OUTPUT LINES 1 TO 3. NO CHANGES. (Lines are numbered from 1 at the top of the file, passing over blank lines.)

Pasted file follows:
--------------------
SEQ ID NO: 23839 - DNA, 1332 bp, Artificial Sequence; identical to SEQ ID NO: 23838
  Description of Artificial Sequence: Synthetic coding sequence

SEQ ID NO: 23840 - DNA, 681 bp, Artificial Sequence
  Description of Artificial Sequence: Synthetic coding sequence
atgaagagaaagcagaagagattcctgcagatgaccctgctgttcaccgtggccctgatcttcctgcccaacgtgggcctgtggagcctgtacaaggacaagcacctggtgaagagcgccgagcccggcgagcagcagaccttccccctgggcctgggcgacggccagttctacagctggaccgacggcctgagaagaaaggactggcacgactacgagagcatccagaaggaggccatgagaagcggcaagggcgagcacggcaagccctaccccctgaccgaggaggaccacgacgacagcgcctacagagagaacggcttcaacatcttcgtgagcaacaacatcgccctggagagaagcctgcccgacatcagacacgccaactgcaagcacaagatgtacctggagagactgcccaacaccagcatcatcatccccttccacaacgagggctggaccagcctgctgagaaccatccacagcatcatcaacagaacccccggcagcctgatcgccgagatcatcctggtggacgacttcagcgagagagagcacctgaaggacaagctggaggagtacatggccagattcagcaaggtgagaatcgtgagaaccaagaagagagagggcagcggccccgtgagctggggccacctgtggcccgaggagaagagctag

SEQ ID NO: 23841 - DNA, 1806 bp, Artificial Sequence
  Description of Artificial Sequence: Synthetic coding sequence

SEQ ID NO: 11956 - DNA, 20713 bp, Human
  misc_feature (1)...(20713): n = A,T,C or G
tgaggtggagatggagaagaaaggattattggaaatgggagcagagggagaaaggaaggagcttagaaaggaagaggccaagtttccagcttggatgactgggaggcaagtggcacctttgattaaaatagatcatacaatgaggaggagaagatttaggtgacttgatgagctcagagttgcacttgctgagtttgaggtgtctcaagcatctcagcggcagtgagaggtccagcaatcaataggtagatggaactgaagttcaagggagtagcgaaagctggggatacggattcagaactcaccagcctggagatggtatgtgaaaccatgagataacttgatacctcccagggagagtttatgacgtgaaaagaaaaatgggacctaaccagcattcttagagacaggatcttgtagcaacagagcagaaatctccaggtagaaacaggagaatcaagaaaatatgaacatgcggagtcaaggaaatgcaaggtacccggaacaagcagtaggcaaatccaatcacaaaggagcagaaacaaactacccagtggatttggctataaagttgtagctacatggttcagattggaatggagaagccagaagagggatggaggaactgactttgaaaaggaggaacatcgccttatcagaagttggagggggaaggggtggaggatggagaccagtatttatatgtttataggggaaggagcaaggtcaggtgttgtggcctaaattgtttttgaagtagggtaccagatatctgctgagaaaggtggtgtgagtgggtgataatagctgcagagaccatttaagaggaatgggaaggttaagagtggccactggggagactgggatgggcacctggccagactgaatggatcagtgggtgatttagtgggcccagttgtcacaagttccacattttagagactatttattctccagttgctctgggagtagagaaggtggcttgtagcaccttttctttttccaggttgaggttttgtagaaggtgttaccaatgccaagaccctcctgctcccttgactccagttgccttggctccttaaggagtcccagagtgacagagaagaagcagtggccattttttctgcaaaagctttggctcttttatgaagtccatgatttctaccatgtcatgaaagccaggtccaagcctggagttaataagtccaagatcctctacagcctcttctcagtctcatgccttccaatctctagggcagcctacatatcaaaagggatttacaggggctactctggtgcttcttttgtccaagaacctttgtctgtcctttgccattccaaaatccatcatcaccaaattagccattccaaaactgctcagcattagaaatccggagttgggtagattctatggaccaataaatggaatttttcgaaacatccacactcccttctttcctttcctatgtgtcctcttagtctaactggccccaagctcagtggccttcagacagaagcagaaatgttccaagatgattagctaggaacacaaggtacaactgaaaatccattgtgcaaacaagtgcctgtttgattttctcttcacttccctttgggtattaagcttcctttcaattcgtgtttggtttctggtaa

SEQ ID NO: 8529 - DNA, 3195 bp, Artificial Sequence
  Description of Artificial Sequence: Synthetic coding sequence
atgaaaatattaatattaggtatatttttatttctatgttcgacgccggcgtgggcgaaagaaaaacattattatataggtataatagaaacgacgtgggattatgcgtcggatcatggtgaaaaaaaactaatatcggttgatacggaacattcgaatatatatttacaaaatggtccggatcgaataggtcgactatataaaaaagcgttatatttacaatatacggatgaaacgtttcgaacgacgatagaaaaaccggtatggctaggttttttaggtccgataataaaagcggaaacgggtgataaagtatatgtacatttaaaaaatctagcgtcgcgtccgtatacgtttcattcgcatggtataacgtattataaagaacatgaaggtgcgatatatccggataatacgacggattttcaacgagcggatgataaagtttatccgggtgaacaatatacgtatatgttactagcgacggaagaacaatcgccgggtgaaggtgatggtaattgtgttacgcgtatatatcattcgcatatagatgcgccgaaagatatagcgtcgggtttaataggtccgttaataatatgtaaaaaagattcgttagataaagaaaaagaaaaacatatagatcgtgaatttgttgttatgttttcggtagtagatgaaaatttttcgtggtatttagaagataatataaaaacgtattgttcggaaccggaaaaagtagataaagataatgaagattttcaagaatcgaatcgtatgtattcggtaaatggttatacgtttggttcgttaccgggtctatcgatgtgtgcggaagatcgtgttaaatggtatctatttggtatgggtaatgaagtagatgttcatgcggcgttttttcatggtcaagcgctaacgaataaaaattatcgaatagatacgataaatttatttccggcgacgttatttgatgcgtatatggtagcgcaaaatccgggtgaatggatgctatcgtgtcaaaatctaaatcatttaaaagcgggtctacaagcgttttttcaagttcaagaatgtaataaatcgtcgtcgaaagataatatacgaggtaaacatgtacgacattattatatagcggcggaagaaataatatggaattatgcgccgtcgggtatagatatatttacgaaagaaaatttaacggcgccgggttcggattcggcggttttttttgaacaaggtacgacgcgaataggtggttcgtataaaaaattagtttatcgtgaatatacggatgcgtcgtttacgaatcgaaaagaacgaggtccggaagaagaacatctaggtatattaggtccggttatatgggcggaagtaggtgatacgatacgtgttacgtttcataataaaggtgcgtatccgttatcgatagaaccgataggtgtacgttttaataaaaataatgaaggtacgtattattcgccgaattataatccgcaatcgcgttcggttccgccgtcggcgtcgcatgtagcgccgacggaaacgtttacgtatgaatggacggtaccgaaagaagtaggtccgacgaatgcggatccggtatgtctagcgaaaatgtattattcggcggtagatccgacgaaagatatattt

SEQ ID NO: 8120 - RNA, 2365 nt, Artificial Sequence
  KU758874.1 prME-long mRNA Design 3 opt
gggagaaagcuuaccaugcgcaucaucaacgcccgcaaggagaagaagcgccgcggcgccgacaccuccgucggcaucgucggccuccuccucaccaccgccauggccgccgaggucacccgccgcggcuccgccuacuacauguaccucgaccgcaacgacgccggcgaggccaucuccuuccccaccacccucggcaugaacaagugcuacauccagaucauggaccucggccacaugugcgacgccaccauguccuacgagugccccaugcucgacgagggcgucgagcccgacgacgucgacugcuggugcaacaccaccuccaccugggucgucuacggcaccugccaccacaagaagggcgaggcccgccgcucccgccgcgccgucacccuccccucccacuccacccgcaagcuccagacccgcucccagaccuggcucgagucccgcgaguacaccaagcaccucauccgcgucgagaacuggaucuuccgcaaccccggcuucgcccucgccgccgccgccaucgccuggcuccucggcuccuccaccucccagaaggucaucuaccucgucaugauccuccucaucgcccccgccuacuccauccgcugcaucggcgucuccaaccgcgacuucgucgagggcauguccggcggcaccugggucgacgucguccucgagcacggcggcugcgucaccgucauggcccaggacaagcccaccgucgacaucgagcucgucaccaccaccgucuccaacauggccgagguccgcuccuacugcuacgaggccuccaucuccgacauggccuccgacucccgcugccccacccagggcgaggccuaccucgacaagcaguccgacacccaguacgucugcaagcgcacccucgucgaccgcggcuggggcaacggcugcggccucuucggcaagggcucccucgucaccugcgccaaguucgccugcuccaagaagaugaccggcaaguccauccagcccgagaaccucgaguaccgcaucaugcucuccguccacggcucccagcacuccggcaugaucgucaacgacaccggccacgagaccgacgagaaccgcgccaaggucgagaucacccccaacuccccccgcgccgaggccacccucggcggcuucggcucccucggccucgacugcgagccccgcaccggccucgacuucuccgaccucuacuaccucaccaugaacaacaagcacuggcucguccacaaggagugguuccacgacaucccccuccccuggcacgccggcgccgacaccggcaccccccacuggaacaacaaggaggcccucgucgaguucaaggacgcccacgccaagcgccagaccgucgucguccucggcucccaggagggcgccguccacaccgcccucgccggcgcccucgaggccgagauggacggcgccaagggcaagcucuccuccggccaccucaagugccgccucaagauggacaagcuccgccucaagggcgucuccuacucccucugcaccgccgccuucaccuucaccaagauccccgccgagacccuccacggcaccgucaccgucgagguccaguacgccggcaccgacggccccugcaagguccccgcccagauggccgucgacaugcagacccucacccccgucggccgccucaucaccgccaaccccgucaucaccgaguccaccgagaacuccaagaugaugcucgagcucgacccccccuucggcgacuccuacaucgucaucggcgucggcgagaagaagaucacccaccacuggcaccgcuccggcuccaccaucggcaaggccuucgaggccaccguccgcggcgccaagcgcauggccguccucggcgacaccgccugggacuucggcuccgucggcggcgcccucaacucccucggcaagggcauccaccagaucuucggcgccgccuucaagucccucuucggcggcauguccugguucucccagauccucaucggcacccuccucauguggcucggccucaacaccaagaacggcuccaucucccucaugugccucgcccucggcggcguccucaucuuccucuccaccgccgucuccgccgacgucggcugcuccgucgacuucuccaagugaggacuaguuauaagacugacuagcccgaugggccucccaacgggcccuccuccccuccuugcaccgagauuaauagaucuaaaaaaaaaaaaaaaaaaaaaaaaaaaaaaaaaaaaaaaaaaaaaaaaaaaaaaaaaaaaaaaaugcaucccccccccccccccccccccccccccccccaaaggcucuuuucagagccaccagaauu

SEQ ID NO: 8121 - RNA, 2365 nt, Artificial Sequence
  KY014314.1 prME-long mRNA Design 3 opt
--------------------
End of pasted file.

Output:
SEQ ID NO: 23839 - DNA, 1332 bp, Artificial Sequence; identical to SEQ ID NO: 23838
  Description of Artificial Sequence: Synthetic coding sequence

SEQ ID NO: 23840 - DNA, 681 bp, Artificial Sequence